North Korea’s claim of a perfect record in keeping out the virus for 2 1/2 years was widely doubted. But its extremely strict border closure, large-scale quarantines and propaganda that stressed anti-virus controls as a matter of “national existence” may have staved off a huge outbreak until now.
Experts are mixed on whether the North’s announcement of the outbreak communicates a willingness to receive outside help.
Because of international monitoring obligations attached to these shots, the country has refused millions of doses from U.N.-backed COVAX distribution programs.
North Korea is more open to civilian suffering than many other countries. Experts believe that the country may be prepared to take a few deaths to obtain immunity from infection.
South Korea’s new conservative government led by President Yoon Suk Yeol, who took office on Tuesday, has offered to send vaccines and other medical supplies to North Korea, but Seoul officials say the North has so far made no request for help. Following a halt in the nuclear talks between Washington and Pyongyang, relations between rival Koreas has deteriorated.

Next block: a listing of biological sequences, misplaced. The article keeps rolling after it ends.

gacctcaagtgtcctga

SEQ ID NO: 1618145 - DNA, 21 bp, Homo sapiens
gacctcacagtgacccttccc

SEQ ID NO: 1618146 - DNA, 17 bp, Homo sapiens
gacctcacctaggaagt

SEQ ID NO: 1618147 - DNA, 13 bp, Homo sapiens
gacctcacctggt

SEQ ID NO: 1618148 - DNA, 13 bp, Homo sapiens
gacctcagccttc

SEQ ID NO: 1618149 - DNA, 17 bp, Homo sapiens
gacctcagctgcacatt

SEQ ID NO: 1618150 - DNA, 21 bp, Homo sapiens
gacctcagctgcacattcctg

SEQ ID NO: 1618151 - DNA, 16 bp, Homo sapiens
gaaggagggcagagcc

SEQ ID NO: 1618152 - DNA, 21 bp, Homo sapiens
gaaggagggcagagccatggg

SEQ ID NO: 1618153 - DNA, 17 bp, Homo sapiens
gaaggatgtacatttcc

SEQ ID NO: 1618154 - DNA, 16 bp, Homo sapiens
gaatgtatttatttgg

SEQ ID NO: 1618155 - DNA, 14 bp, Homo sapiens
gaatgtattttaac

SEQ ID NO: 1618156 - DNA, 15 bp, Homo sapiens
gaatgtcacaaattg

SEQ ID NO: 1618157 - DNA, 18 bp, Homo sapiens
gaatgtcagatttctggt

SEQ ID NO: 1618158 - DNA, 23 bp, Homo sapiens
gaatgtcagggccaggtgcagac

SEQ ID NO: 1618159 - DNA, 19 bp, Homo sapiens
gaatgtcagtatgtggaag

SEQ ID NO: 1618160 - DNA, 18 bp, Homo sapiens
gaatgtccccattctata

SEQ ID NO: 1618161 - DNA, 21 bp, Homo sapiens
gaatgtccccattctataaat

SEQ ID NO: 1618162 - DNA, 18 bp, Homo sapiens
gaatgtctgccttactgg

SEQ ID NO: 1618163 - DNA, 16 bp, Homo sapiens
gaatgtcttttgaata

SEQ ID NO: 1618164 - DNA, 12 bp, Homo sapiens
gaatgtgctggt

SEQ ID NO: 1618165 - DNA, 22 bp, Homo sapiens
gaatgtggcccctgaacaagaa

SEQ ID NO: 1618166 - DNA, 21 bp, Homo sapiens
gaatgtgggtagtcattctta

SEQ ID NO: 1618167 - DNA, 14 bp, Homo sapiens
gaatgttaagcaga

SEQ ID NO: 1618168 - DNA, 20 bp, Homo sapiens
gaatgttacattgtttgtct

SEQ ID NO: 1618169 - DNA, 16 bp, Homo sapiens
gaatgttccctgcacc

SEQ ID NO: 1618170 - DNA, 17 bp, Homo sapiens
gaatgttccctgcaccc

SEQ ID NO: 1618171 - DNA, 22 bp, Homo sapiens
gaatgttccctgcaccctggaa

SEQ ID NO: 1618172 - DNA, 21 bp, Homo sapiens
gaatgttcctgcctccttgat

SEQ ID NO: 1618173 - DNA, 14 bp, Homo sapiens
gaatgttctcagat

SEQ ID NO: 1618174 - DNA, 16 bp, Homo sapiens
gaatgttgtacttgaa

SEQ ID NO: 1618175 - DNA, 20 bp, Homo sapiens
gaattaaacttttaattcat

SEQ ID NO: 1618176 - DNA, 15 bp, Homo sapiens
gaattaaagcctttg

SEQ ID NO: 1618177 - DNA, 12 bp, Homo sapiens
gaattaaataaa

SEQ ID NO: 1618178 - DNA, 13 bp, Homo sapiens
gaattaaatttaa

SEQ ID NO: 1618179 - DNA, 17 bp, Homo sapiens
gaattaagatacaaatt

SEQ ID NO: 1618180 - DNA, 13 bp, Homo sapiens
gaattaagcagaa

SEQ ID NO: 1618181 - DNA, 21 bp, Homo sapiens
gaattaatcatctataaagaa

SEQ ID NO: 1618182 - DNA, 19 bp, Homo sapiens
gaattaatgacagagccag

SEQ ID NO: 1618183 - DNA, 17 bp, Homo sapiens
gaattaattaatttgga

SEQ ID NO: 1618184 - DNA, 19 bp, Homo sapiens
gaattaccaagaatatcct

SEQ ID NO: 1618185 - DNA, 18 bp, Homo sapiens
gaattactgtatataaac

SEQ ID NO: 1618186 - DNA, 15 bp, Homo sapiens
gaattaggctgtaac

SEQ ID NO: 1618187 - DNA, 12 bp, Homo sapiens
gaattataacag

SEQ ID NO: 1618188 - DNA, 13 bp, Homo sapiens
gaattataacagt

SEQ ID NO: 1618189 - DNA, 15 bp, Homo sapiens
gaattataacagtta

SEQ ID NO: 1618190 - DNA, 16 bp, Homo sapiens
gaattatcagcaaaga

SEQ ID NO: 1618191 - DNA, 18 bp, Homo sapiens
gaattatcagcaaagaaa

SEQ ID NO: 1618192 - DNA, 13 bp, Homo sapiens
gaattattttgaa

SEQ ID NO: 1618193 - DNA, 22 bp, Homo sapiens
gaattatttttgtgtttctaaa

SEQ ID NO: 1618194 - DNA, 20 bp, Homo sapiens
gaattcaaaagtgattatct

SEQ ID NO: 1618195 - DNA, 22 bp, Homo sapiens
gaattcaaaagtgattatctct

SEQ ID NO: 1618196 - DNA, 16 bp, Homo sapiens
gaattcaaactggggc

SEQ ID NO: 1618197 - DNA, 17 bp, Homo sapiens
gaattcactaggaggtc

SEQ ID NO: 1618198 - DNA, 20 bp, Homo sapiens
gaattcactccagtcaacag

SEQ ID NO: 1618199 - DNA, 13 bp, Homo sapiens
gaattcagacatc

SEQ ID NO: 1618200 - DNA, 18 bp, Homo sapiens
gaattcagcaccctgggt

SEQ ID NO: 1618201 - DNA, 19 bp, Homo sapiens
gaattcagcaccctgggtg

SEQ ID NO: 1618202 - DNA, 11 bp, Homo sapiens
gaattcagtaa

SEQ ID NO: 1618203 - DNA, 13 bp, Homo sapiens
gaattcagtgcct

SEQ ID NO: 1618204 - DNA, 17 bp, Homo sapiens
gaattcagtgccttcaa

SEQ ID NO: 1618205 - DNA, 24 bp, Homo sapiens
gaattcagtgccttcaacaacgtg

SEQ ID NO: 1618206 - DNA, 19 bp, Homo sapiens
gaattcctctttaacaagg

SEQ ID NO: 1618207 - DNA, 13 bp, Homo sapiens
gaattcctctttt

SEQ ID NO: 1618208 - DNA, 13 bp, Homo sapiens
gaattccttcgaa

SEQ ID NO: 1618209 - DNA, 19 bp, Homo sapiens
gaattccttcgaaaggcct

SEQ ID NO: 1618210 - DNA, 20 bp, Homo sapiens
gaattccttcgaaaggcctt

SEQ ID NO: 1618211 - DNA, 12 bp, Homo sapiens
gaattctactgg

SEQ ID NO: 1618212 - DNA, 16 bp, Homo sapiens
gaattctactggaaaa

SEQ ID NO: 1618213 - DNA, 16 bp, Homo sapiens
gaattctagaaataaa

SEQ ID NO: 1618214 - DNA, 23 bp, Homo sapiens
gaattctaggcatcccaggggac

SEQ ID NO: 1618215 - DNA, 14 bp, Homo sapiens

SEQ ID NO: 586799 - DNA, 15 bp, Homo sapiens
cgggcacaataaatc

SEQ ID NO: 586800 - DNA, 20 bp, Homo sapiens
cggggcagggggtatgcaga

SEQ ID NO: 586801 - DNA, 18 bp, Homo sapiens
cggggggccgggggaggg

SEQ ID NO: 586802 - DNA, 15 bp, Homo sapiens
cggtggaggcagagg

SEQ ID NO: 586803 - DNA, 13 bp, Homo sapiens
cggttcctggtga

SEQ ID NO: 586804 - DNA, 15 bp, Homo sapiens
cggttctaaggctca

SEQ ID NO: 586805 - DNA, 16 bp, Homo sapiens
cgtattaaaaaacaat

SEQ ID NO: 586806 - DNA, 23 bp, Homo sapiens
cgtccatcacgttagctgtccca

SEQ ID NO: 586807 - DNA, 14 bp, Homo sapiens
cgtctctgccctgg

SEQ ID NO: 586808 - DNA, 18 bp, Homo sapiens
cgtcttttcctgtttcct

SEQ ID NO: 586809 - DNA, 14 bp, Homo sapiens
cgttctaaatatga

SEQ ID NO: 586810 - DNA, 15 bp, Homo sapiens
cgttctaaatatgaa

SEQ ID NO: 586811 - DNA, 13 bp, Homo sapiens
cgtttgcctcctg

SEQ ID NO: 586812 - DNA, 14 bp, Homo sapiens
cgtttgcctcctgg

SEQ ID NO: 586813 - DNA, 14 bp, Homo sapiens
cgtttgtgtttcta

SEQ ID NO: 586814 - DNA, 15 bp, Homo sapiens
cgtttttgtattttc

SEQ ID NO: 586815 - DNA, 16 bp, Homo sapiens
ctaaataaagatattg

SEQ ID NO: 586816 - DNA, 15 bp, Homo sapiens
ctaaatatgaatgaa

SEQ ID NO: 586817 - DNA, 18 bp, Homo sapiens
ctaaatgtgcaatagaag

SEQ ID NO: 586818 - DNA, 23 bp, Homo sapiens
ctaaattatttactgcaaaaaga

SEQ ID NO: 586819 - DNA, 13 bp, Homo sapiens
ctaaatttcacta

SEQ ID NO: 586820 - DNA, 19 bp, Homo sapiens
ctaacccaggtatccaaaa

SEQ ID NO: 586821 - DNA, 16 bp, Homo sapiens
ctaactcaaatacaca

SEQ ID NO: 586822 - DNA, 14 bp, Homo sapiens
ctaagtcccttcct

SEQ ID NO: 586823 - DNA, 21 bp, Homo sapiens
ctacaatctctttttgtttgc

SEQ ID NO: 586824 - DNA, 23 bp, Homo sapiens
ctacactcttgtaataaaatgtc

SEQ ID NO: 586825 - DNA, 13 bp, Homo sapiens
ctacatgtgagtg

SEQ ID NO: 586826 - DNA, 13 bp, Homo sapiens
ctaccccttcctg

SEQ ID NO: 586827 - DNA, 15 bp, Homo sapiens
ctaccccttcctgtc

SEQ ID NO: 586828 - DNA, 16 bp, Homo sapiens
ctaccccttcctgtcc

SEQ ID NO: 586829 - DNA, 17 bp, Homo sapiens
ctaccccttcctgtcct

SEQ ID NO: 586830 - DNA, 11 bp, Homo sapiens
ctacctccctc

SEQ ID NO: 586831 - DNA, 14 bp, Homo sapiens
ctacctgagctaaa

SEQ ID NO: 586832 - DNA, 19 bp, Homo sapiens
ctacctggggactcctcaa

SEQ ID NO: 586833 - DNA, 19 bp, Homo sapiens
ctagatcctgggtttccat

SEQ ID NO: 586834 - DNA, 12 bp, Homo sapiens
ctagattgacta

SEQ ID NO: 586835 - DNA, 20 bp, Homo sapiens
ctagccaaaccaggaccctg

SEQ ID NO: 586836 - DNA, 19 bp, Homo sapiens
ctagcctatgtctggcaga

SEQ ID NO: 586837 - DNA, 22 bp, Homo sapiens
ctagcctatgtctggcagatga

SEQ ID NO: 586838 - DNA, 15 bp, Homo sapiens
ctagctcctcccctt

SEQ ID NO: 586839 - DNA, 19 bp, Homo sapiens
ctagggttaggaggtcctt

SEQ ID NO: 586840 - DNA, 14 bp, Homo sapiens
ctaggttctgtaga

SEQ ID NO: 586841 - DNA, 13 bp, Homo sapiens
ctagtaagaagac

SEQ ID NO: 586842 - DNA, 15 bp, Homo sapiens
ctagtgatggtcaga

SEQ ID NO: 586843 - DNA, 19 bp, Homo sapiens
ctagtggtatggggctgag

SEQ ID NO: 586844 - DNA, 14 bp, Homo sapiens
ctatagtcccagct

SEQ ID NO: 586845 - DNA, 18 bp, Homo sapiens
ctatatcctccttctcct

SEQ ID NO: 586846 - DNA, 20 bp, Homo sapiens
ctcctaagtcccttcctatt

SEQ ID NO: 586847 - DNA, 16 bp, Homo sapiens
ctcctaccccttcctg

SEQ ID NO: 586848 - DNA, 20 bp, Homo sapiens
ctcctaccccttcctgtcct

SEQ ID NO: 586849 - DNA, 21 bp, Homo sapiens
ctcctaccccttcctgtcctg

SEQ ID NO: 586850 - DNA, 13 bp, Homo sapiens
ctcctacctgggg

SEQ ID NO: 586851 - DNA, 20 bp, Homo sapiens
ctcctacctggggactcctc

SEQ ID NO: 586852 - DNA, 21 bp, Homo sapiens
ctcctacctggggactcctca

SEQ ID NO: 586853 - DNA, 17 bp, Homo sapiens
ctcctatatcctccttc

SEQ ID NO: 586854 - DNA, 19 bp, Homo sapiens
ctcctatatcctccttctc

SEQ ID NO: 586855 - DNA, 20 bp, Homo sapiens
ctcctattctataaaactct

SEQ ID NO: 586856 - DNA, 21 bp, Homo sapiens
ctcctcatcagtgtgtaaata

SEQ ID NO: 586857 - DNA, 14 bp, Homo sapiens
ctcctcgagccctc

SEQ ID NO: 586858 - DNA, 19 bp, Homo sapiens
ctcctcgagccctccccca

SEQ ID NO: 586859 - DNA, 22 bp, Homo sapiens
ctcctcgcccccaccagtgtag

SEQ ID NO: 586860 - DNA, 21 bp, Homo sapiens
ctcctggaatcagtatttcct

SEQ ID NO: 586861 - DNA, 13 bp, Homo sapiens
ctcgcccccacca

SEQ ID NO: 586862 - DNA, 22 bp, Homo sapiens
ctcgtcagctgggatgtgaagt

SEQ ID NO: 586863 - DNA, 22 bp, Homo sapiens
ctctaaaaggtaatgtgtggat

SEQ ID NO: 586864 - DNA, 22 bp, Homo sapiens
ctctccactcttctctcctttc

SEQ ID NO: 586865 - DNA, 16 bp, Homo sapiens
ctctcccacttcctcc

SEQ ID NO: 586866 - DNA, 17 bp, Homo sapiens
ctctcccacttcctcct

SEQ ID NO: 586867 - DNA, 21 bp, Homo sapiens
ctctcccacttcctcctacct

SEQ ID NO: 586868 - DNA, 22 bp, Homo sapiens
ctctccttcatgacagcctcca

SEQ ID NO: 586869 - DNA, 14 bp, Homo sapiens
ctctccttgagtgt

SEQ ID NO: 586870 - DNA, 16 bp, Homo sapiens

However, Kim’s call for his officials to learn from China’s experience indicates that the North could soon request COVID-19-related medicine and testing equipment from China, said analyst Cheong Seong-Chang at South Korea’s Sejong Institute.
Zhao Lijian from China’s Foreign Ministry stated Friday that Beijing would offer North Korea assistance, but he did not know of any request.
North Korea’s viral spread could have been accelerated after an estimated tens of thousands of civilians and troops gathered for a massive military parade April 25 in Pyongyang, where Kim took center stage and showcased the most powerful missiles of his military nuclear program.